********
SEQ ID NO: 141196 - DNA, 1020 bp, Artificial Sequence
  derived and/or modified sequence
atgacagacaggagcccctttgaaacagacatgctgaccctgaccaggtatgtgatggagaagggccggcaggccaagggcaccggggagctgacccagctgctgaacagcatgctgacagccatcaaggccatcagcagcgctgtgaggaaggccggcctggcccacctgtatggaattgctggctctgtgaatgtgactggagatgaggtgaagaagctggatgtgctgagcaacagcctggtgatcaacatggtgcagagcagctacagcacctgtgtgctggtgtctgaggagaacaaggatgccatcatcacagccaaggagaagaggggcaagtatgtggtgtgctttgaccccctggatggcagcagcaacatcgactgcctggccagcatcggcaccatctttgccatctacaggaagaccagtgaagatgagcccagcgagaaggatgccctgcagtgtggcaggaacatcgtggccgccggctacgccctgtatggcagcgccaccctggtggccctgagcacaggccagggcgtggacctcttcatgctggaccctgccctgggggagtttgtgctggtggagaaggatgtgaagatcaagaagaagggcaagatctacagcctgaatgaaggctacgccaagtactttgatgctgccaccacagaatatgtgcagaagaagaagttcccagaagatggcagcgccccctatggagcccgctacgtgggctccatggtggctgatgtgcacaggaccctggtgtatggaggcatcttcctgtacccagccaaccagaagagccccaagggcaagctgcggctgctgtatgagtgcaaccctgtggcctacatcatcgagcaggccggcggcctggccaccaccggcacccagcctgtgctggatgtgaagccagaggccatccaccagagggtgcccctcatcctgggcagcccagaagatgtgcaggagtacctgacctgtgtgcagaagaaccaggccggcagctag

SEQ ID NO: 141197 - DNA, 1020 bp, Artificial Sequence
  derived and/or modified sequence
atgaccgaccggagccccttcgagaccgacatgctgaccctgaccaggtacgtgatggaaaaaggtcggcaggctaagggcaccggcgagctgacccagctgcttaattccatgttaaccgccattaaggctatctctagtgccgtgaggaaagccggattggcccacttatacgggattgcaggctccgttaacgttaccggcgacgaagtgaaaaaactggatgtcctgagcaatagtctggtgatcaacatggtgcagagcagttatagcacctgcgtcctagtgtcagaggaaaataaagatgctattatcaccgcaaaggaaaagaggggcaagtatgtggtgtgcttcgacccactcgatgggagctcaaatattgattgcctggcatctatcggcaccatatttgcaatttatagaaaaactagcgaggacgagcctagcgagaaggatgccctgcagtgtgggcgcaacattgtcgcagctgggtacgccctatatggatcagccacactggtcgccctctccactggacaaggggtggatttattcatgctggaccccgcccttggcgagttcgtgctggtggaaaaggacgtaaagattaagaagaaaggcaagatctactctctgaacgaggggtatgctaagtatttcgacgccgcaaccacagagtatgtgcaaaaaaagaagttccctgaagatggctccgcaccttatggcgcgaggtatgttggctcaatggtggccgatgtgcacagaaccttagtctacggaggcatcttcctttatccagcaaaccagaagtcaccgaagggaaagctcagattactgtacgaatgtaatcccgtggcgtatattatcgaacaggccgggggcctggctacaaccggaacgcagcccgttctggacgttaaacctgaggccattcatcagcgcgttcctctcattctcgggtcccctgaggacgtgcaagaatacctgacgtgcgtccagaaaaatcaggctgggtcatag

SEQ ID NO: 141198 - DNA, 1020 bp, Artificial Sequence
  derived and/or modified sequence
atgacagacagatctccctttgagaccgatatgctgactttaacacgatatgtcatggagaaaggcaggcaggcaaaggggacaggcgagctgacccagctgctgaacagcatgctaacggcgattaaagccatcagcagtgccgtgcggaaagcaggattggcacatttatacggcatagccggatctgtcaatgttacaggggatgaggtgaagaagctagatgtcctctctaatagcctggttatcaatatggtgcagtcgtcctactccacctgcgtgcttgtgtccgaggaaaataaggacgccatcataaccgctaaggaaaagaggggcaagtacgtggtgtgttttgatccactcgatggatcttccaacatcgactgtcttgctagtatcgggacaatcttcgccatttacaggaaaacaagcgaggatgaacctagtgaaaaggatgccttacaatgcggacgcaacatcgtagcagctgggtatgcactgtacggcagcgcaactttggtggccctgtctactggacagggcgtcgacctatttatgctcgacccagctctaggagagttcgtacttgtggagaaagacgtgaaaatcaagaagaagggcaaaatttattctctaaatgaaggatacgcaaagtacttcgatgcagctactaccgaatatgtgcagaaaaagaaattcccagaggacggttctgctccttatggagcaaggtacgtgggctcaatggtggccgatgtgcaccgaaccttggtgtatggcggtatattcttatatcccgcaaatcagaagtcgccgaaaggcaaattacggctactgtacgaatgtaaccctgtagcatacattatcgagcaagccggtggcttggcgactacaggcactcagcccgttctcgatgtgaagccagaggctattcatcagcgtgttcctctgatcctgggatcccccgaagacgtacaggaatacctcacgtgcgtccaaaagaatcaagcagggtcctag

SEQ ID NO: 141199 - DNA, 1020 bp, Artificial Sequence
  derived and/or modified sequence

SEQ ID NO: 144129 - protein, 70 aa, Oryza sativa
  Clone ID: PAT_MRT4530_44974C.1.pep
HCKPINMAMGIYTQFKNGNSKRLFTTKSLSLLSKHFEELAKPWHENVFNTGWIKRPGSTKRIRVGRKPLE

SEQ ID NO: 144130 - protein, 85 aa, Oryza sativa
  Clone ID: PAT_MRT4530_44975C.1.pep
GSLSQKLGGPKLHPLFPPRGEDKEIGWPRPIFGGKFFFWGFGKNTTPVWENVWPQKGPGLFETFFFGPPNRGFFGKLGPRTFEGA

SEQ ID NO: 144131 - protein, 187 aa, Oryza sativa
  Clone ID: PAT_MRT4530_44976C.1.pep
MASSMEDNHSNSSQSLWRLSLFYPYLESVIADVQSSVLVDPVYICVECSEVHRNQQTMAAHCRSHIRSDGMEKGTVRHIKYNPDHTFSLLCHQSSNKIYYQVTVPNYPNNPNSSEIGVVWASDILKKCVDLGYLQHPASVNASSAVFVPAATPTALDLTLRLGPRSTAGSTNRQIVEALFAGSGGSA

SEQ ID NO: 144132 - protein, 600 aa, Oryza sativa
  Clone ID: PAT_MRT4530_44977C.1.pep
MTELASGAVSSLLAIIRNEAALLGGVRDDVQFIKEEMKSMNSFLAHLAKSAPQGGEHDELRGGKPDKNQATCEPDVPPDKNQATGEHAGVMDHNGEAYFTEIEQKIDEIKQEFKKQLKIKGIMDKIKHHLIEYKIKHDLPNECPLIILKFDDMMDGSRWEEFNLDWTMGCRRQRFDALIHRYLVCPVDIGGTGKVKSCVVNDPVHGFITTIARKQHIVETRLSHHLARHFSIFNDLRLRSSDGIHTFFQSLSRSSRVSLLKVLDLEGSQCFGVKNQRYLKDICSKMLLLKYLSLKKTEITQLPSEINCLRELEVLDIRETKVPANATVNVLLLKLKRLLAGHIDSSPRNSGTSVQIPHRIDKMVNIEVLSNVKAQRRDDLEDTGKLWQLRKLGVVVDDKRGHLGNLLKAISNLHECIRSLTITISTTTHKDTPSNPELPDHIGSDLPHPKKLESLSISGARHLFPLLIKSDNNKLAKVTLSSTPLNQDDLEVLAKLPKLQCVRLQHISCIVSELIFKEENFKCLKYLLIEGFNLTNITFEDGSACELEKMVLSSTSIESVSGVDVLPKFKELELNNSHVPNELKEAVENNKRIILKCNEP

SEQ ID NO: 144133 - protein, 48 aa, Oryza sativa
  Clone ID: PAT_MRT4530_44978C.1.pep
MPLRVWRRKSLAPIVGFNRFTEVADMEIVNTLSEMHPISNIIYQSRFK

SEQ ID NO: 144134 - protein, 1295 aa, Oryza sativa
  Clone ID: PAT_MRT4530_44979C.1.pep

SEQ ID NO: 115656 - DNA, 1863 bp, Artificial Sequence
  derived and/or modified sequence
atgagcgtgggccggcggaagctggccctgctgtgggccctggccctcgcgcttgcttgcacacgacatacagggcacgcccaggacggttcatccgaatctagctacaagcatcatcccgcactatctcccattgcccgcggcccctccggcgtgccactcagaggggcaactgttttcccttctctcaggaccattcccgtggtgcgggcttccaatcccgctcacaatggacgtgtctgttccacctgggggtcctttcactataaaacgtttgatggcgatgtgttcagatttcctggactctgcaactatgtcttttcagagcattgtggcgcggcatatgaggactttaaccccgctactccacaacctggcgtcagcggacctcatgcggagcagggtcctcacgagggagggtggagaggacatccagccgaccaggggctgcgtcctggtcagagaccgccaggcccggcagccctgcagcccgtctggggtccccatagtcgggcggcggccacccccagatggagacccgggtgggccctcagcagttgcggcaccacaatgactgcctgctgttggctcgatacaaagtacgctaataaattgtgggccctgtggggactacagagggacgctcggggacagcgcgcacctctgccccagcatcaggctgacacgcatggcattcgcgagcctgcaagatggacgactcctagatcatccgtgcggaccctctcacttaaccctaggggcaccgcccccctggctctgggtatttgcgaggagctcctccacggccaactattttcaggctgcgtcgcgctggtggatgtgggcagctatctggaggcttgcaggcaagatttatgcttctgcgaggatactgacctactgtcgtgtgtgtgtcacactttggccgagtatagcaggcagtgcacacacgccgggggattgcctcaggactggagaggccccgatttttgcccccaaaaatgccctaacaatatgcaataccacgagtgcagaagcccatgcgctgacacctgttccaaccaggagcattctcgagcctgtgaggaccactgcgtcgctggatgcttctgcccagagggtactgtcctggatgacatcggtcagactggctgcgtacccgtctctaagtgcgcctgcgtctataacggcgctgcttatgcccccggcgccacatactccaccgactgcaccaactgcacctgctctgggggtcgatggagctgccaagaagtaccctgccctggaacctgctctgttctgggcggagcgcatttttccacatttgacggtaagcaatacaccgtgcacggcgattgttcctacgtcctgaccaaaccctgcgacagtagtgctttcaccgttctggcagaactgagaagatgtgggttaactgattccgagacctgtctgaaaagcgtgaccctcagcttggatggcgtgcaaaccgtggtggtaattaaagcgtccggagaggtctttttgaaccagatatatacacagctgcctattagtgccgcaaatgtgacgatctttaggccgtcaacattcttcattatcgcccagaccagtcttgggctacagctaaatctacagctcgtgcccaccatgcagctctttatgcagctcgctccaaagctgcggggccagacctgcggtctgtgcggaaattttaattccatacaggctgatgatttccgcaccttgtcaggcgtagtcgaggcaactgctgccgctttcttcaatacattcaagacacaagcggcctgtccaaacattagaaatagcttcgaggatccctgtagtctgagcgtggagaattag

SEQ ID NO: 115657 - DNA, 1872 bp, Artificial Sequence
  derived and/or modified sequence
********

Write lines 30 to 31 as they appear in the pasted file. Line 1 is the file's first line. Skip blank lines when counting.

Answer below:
  derived and/or modified sequence
atgagcgtgggccggcggaagctggccctgctgtgggccctggccctcgcgcttgcttgcacacgacatacagggcacgcccaggacggttcatccgaatctagctacaagcatcatcccgcactatctcccattgcccgcggcccctccggcgtgccactcagaggggcaactgttttcccttctctcaggaccattcccgtggtgcgggcttccaatcccgctcacaatggacgtgtctgttccacctgggggtcctttcactataaaacgtttgatggcgatgtgttcagatttcctggactctgcaactatgtcttttcagagcattgtggcgcggcatatgaggactttaaccccgctactccacaacctggcgtcagcggacctcatgcggagcagggtcctcacgagggagggtggagaggacatccagccgaccaggggctgcgtcctggtcagagaccgccaggcccggcagccctgcagcccgtctggggtccccatagtcgggcggcggccacccccagatggagacccgggtgggccctcagcagttgcggcaccacaatgactgcctgctgttggctcgatacaaagtacgctaataaattgtgggccctgtggggactacagagggacgctcggggacagcgcgcacctctgccccagcatcaggctgacacgcatggcattcgcgagcctgcaagatggacgactcctagatcatccgtgcggaccctctcacttaaccctaggggcaccgcccccctggctctgggtatttgcgaggagctcctccacggccaactattttcaggctgcgtcgcgctggtggatgtgggcagctatctggaggcttgcaggcaagatttatgcttctgcgaggatactgacctactgtcgtgtgtgtgtcacactttggccgagtatagcaggcagtgcacacacgccgggggattgcctcaggactggagaggccccgatttttgcccccaaaaatgccctaacaatatgcaataccacgagtgcagaagcccatgcgctgacacctgttccaaccaggagcattctcgagcctgtgaggaccactgcgtcgctggatgcttctgcccagagggtactgtcctggatgacatcggtcagactggctgcgtacccgtctctaagtgcgcctgcgtctataacggcgctgcttatgcccccggcgccacatactccaccgactgcaccaactgcacctgctctgggggtcgatggagctgccaagaagtaccctgccctggaacctgctctgttctgggcggagcgcatttttccacatttgacggtaagcaatacaccgtgcacggcgattgttcctacgtcctgaccaaaccctgcgacagtagtgctttcaccgttctggcagaactgagaagatgtgggttaactgattccgagacctgtctgaaaagcgtgaccctcagcttggatggcgtgcaaaccgtggtggtaattaaagcgtccggagaggtctttttgaaccagatatatacacagctgcctattagtgccgcaaatgtgacgatctttaggccgtcaacattcttcattatcgcccagaccagtcttgggctacagctaaatctacagctcgtgcccaccatgcagctctttatgcagctcgctccaaagctgcggggccagacctgcggtctgtgcggaaattttaattccatacaggctgatgatttccgcaccttgtcaggcgtagtcgaggcaactgctgccgctttcttcaatacattcaagacacaagcggcctgtccaaacattagaaatagcttcgaggatccctgtagtctgagcgtggagaattag